Amira tugs Farah by the t-shirt and speaks urgently to her through the mask again.
‘I’m so sorry,’ says Farah. ‘May I offer you some coffee?’
Amira nods her head emphatically, and gestures towards the little studio kitchen.
‘Well – that would be lovely,’ says Frank.
‘Where are you from?’ he asks Amira.
‘Iraq. Baghdad.’
‘A beautiful city,’ he says. ‘Used to be.’
Amira waggles her head and tilts her palms to the ceiling.
‘Ah! Poor Baghdad. What happen is terrible, terrible. No good. P’ah.’
‘I was there in 2003,’ he says. ‘Dreadful.’
She pats his cheek again and admires him at arm’s length.
Farah comes back in carrying a silver tray with two intricately patterned china coffee cups and a couple of miniature Snickers. I clear a space on a footstool, she sets it down, then retreats back to her mother’s side.
The cardamom scented coffee lifts me out of the chair with its sweetness and strength.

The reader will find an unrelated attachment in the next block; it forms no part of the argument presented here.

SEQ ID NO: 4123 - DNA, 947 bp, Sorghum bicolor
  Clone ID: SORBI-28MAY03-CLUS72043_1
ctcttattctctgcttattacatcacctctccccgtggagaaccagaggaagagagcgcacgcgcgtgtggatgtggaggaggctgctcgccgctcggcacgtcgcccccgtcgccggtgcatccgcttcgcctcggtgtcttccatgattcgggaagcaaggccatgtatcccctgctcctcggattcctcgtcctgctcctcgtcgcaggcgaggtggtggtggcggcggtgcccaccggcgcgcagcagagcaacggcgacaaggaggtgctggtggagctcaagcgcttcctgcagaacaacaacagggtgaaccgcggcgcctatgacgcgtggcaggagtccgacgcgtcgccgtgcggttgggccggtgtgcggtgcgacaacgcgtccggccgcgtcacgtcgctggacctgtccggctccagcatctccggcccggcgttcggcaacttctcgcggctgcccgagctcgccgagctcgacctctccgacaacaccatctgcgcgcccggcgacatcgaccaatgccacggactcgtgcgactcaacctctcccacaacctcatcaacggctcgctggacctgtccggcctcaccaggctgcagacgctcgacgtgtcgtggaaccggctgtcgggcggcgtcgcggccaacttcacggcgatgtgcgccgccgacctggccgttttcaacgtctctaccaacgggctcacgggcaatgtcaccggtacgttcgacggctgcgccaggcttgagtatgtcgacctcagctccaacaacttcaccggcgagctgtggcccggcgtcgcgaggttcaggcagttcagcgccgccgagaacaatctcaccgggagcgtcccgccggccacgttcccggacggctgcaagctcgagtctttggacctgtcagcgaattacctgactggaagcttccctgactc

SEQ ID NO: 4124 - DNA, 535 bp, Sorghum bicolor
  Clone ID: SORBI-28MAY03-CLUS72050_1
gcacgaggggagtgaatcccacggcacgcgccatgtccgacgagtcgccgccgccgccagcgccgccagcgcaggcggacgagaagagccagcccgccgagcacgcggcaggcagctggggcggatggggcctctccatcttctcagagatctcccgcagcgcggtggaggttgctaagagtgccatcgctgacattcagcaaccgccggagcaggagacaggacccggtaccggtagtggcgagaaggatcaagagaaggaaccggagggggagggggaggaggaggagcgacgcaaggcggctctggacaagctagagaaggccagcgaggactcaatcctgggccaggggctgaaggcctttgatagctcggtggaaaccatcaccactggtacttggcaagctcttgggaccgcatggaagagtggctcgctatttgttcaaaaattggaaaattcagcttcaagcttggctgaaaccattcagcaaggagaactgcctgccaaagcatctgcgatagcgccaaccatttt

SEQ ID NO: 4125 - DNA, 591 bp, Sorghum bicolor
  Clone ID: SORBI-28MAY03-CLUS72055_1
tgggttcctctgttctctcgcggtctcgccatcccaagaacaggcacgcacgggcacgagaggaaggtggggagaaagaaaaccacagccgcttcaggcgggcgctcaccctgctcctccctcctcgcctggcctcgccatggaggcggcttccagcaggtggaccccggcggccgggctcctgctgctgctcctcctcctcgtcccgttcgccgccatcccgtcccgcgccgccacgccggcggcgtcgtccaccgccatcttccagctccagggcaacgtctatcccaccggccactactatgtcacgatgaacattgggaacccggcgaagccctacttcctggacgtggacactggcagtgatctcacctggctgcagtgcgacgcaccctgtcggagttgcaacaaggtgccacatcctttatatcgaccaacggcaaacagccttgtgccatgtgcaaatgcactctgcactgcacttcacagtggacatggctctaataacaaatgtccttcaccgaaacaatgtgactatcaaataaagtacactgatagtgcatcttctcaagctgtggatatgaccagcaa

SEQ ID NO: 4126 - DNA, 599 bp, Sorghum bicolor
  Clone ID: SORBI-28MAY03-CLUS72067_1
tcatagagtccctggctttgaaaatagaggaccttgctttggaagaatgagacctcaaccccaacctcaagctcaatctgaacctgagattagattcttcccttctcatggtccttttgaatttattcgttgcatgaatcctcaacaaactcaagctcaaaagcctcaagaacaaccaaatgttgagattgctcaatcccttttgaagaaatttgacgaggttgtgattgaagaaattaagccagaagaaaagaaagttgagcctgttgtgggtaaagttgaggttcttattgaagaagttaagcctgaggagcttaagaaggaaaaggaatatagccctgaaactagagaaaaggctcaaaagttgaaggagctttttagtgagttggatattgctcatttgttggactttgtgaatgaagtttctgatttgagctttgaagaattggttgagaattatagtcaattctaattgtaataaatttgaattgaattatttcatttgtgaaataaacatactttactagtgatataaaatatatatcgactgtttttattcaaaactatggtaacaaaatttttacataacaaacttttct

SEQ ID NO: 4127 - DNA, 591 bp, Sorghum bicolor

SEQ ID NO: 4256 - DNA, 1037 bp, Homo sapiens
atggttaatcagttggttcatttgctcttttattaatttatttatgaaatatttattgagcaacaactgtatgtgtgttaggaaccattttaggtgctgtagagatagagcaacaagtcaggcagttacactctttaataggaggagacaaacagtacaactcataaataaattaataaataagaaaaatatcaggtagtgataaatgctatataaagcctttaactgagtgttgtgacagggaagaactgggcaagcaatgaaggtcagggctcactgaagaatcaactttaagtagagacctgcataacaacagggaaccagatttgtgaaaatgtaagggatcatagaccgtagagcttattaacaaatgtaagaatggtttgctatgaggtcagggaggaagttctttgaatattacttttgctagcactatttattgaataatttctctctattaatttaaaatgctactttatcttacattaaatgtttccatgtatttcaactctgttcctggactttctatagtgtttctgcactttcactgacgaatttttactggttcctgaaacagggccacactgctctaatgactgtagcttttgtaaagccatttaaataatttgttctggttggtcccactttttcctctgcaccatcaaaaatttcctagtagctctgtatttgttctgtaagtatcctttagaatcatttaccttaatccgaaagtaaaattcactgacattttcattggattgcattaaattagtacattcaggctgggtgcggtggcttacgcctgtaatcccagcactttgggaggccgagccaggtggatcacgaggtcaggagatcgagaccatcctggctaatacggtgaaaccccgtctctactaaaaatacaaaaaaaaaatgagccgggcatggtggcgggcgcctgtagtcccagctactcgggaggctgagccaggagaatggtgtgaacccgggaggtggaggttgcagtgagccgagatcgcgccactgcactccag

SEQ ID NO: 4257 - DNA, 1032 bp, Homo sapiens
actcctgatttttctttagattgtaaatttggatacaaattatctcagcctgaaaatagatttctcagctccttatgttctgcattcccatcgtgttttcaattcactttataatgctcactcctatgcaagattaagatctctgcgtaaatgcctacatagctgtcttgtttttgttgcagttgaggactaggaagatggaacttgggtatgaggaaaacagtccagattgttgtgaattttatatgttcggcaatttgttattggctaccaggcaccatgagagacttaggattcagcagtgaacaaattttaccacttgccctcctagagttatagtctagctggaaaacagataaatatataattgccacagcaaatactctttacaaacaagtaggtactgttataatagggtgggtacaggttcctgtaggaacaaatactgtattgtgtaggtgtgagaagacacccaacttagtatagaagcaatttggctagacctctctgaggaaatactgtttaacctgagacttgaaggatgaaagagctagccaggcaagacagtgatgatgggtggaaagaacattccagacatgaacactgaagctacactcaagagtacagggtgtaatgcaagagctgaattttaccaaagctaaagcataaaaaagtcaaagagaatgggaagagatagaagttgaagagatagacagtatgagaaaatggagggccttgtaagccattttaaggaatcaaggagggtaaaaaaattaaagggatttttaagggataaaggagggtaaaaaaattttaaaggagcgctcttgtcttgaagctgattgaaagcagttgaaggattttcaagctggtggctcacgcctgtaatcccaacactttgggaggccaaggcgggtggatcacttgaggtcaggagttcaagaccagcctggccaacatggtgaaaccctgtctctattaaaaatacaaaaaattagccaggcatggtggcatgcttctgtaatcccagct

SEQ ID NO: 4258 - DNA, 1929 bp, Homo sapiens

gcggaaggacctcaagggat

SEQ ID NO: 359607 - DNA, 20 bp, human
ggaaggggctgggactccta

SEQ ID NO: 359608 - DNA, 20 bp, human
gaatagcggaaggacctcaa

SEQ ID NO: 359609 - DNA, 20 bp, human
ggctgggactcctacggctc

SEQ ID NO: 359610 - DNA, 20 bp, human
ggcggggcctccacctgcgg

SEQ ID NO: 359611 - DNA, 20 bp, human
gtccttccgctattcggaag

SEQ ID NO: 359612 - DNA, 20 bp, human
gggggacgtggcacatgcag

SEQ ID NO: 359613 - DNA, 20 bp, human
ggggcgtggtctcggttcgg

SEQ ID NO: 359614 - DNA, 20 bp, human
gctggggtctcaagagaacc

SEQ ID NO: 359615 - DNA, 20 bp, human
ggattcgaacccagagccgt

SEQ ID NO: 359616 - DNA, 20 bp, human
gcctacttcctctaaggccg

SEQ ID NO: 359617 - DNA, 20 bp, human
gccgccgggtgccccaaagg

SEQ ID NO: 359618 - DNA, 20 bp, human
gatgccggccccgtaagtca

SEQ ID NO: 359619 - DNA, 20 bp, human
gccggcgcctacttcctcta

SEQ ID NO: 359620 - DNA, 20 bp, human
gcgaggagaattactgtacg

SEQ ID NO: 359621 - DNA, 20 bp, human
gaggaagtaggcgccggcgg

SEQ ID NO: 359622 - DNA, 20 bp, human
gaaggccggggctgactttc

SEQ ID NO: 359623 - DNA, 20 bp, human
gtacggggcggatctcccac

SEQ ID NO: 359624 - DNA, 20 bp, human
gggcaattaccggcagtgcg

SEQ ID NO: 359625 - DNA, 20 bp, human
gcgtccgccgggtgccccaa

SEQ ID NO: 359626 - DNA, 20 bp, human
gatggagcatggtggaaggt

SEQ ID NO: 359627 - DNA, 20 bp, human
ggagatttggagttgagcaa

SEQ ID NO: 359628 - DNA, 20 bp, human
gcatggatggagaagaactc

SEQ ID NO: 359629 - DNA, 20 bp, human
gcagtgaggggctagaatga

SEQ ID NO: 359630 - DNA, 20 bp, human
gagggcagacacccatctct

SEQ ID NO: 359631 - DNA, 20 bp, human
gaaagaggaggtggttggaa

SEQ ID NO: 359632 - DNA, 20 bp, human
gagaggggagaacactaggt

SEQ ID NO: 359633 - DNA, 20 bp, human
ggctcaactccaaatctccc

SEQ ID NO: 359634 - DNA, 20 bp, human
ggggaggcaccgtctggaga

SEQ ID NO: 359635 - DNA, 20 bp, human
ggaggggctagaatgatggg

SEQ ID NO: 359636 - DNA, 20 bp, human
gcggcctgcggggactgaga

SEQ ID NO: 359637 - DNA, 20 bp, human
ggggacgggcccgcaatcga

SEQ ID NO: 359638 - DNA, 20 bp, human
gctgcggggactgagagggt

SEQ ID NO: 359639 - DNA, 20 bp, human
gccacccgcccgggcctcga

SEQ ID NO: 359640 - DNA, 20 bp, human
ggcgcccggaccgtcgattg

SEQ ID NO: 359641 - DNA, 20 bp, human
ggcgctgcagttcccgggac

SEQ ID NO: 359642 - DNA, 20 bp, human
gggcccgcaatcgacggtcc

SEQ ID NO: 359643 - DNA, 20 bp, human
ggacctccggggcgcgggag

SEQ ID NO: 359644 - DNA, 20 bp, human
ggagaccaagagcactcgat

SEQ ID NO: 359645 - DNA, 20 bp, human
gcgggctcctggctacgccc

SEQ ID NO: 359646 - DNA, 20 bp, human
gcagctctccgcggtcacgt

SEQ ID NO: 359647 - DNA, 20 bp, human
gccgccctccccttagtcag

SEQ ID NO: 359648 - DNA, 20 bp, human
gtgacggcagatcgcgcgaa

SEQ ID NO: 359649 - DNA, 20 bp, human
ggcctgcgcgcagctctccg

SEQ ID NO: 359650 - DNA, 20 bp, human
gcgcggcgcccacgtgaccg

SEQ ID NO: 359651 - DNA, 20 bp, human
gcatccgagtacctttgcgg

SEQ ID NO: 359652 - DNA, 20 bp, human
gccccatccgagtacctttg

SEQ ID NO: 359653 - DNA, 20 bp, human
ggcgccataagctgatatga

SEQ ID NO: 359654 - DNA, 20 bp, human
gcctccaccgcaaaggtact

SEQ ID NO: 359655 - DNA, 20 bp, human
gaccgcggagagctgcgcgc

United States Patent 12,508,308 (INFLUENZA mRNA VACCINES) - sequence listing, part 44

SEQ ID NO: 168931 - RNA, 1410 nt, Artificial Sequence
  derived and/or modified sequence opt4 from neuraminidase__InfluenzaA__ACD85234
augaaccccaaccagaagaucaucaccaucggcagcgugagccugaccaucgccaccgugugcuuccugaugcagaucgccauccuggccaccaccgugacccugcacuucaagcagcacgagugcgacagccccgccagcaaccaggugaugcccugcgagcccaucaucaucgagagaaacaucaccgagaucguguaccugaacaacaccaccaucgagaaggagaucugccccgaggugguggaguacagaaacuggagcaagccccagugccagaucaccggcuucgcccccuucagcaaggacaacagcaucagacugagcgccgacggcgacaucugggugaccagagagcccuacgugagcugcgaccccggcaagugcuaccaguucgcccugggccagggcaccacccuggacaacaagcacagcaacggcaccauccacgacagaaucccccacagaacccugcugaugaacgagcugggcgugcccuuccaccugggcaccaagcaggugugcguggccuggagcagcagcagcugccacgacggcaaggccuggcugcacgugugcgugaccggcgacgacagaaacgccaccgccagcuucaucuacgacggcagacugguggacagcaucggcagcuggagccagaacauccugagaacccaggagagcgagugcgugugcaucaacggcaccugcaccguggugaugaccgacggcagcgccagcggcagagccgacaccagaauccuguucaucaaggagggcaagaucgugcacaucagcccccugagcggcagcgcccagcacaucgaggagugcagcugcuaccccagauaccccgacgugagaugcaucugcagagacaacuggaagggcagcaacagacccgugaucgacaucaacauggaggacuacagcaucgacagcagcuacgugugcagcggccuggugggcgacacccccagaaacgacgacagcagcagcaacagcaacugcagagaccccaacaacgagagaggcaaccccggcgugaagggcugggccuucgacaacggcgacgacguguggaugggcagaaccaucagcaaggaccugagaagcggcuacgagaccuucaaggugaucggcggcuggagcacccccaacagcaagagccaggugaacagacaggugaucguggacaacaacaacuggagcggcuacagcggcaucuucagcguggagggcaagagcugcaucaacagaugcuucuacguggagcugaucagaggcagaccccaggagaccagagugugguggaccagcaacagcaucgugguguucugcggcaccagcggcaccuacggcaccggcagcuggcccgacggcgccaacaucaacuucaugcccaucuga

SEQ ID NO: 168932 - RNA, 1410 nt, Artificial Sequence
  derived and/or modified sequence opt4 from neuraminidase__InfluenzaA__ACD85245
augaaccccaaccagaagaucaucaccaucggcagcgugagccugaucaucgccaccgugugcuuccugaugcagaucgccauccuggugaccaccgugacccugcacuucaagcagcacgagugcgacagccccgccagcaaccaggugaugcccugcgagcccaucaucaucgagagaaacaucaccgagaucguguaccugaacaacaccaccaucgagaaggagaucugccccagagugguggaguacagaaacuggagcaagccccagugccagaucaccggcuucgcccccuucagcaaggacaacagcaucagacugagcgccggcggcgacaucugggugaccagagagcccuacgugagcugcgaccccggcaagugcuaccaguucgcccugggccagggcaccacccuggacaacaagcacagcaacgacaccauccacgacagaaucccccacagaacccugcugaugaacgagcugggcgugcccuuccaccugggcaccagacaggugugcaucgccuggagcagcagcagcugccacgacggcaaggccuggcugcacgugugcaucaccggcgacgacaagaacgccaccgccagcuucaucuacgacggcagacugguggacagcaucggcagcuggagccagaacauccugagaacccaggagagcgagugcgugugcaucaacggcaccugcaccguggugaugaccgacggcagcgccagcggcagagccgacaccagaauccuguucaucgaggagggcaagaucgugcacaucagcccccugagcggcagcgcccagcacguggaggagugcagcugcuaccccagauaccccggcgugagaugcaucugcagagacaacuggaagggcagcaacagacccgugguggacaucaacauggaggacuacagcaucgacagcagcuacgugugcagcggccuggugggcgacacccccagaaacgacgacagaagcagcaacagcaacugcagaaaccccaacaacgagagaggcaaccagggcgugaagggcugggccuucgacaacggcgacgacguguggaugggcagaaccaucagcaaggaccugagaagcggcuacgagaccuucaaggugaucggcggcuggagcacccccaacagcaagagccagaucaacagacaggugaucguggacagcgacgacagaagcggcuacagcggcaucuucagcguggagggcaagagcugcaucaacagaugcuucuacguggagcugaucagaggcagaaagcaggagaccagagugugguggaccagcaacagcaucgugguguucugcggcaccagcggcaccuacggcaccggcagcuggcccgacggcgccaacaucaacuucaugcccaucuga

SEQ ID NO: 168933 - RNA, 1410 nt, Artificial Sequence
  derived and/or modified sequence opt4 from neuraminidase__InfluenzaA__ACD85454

‘Wow. That’s amazing.’
They both smile and nod.
Frank raises his cup to me. ‘This’ll straighten you out,’ he says. Then he knocks back the coffee, wipes his moustache, and takes hold of Amira’s hand again.
‘Habibti. Your breathing’s a little better but we’re still worried,’ he says, Farah speaking quickly and quietly over him in Arabic. ‘You’ve got high blood pressure and your temperature is up as well. When I listened to your chest just now I heard a few noises I’d like to get checked out further. I think we’d better take you to the hospital. And don’t worry about the doctor. We’ll ring to cancel.’
Amira follows each phrase carefully, animating each phrase with another turn of the hand, a tilt and shake of the head.
‘You beautiful,’ she says when he finishes. ‘Thank you. Thank you. When I better, you come Baghdad see me. I show you beautiful.’
‘One day,’ he says. ‘That’d be great. One day.’
Farah quietly collects our cups and empty wrappers onto the tray, then goes into the kitchen to make Frank another coffee. I haul our equipment back outside, stow it, prep the trolley and come back with a carry chair.